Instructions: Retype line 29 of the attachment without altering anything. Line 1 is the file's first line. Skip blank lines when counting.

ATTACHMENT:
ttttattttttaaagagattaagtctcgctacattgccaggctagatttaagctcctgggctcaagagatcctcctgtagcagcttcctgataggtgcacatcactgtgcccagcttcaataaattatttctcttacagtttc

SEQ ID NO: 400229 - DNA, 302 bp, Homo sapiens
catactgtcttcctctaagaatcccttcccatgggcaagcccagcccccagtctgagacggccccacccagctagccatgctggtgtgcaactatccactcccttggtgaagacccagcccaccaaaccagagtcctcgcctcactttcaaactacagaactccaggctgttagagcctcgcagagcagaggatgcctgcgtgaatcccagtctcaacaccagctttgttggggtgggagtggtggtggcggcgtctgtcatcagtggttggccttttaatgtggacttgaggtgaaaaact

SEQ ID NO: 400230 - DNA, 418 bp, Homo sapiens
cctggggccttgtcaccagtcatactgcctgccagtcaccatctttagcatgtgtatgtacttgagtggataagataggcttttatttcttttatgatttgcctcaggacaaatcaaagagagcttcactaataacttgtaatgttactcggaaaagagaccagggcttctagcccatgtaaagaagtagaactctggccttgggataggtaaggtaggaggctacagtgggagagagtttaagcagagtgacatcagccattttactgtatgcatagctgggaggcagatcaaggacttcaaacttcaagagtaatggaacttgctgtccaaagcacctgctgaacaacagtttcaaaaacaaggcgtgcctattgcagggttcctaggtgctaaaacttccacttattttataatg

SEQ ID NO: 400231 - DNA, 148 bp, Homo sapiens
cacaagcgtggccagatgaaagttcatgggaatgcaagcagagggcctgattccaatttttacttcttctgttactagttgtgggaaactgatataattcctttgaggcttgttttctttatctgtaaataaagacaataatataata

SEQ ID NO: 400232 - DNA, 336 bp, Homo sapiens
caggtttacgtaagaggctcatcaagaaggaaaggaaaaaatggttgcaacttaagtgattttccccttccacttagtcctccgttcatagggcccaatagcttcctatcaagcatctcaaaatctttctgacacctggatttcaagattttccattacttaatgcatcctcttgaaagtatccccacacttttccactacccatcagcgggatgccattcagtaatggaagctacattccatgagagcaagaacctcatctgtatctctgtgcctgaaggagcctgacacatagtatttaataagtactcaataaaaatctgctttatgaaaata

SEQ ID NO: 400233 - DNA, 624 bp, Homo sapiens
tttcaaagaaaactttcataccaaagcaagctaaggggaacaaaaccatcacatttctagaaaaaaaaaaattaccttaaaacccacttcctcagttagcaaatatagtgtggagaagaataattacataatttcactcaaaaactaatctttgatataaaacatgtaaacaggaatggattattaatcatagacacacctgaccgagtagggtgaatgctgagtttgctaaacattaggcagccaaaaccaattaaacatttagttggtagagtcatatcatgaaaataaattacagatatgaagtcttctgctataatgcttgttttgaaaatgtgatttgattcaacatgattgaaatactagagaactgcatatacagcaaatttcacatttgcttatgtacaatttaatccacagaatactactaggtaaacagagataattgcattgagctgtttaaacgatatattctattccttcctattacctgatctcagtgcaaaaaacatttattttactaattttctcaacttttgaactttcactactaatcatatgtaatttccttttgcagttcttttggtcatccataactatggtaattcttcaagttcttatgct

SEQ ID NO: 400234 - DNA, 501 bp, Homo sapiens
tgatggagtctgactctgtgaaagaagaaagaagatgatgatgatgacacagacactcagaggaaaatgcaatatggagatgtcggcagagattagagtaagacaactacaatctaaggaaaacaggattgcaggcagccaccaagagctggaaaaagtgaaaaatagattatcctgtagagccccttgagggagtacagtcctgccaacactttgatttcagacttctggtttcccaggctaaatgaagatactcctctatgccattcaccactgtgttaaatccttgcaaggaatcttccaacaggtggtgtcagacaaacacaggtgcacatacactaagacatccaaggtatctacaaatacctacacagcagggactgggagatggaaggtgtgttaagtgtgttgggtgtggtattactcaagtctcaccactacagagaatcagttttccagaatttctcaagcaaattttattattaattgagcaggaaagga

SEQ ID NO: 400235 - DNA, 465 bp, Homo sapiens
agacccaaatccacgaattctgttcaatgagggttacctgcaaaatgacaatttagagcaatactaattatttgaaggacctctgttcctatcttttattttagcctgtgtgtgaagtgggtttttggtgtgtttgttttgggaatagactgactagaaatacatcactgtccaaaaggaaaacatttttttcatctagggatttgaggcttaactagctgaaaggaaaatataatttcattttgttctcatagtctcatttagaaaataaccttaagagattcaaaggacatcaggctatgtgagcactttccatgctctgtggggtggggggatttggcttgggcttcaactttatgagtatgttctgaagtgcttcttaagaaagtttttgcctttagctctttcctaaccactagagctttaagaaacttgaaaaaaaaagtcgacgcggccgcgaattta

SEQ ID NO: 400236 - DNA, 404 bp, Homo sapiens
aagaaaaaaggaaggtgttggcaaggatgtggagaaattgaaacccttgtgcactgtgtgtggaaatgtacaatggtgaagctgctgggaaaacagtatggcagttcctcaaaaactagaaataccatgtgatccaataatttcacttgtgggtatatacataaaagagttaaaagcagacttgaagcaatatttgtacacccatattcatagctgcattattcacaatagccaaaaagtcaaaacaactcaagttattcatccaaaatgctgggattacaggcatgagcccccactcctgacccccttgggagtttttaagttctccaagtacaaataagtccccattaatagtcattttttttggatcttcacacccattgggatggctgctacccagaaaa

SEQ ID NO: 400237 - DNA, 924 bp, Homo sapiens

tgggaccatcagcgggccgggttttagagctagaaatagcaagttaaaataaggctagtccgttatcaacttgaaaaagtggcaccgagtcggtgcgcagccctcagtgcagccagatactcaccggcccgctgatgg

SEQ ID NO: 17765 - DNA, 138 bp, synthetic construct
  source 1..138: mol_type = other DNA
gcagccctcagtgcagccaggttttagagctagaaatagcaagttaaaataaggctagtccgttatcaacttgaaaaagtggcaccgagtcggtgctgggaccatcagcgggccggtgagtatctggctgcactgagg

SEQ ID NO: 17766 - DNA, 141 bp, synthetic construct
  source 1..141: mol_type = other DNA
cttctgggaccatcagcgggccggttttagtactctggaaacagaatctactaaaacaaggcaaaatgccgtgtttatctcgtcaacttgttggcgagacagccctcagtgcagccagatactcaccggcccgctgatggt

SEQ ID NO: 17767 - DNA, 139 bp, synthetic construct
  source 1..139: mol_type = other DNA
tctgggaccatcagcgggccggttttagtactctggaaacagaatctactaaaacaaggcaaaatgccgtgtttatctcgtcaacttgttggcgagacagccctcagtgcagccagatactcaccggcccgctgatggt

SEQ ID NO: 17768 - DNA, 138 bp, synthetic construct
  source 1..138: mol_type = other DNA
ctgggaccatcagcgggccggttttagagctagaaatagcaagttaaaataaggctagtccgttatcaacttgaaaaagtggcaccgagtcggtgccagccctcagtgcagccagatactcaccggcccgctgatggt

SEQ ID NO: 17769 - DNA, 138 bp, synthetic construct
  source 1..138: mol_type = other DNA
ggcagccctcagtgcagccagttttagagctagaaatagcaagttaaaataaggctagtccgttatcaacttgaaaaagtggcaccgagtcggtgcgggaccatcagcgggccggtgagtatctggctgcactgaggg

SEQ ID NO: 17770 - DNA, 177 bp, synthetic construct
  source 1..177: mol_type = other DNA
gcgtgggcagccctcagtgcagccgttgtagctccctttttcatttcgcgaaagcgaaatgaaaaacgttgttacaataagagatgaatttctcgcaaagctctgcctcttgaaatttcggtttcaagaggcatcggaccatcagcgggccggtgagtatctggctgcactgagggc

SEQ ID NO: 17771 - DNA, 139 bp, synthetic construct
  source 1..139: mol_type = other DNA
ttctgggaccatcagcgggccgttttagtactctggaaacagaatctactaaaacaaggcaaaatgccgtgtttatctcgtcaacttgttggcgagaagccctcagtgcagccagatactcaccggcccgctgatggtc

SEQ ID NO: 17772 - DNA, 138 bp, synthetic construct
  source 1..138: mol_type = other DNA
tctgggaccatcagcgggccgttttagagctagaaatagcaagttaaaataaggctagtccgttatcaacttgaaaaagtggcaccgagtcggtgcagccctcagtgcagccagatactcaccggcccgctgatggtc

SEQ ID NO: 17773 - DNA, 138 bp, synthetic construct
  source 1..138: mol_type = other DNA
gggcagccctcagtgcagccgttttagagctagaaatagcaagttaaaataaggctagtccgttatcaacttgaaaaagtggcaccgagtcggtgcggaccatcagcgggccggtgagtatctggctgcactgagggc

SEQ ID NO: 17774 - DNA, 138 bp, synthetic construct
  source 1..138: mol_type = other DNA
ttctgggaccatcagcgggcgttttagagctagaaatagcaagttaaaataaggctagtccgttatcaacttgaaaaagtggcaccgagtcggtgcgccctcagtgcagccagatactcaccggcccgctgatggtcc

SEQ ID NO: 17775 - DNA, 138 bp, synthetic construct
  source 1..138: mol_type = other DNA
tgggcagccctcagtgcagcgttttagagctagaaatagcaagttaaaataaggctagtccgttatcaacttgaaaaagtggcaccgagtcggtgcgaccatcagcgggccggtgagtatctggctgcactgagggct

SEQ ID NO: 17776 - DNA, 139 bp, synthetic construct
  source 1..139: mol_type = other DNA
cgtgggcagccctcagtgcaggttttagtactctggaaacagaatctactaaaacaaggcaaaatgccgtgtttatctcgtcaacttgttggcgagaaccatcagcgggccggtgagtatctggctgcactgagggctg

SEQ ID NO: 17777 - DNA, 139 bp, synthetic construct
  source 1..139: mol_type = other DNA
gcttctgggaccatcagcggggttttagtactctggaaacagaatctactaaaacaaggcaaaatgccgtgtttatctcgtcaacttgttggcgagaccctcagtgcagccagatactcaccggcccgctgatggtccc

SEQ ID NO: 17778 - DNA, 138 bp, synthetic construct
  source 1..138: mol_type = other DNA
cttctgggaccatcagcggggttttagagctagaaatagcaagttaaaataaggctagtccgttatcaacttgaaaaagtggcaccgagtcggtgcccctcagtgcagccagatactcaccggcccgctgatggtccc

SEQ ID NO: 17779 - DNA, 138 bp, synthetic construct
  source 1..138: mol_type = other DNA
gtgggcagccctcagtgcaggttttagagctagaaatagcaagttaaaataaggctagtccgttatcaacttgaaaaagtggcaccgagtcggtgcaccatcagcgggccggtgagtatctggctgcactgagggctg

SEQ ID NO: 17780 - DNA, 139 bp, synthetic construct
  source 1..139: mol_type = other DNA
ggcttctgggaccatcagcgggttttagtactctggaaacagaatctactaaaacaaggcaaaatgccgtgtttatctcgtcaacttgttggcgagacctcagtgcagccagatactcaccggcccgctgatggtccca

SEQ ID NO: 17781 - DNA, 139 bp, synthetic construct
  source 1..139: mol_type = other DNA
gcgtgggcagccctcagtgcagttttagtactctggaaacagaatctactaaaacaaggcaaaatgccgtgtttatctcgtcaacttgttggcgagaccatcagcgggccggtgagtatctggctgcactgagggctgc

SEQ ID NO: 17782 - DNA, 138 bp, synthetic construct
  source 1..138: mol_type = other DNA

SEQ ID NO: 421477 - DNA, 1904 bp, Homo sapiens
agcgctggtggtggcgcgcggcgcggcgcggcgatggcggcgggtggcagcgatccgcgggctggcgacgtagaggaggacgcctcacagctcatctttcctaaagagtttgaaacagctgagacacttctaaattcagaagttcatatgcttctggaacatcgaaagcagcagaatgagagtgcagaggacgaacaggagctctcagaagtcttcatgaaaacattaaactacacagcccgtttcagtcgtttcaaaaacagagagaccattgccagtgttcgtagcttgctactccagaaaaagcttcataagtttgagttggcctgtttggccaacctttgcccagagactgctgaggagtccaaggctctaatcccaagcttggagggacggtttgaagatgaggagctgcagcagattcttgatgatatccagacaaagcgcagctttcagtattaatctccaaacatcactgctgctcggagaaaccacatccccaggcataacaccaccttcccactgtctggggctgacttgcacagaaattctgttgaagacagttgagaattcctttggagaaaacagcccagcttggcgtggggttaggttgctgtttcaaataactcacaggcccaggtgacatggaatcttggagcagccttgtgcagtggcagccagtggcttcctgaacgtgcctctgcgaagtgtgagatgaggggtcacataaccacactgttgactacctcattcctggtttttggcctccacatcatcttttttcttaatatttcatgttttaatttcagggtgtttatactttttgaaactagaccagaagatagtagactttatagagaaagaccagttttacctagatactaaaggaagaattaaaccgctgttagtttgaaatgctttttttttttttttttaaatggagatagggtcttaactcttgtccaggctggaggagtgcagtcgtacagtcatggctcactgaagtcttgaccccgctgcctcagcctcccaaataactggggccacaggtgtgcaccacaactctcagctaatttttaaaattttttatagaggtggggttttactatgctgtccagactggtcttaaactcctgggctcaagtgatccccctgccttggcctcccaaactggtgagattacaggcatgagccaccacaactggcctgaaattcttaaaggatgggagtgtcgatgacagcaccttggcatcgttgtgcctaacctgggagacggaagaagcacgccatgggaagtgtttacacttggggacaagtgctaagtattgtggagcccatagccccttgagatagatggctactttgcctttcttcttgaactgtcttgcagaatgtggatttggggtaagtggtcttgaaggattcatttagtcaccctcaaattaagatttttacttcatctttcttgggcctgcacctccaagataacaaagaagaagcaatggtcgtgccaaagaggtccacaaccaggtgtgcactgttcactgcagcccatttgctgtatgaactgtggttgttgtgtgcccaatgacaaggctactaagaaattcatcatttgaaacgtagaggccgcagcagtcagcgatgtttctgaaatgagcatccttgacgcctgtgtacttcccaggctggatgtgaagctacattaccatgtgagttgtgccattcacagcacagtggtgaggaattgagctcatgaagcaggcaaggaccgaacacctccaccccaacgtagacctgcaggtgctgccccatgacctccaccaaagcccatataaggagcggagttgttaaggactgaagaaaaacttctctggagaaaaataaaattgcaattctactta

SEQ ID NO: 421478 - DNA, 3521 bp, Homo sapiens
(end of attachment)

SEQ ID NO: 17768 - DNA, 138 bp, synthetic construct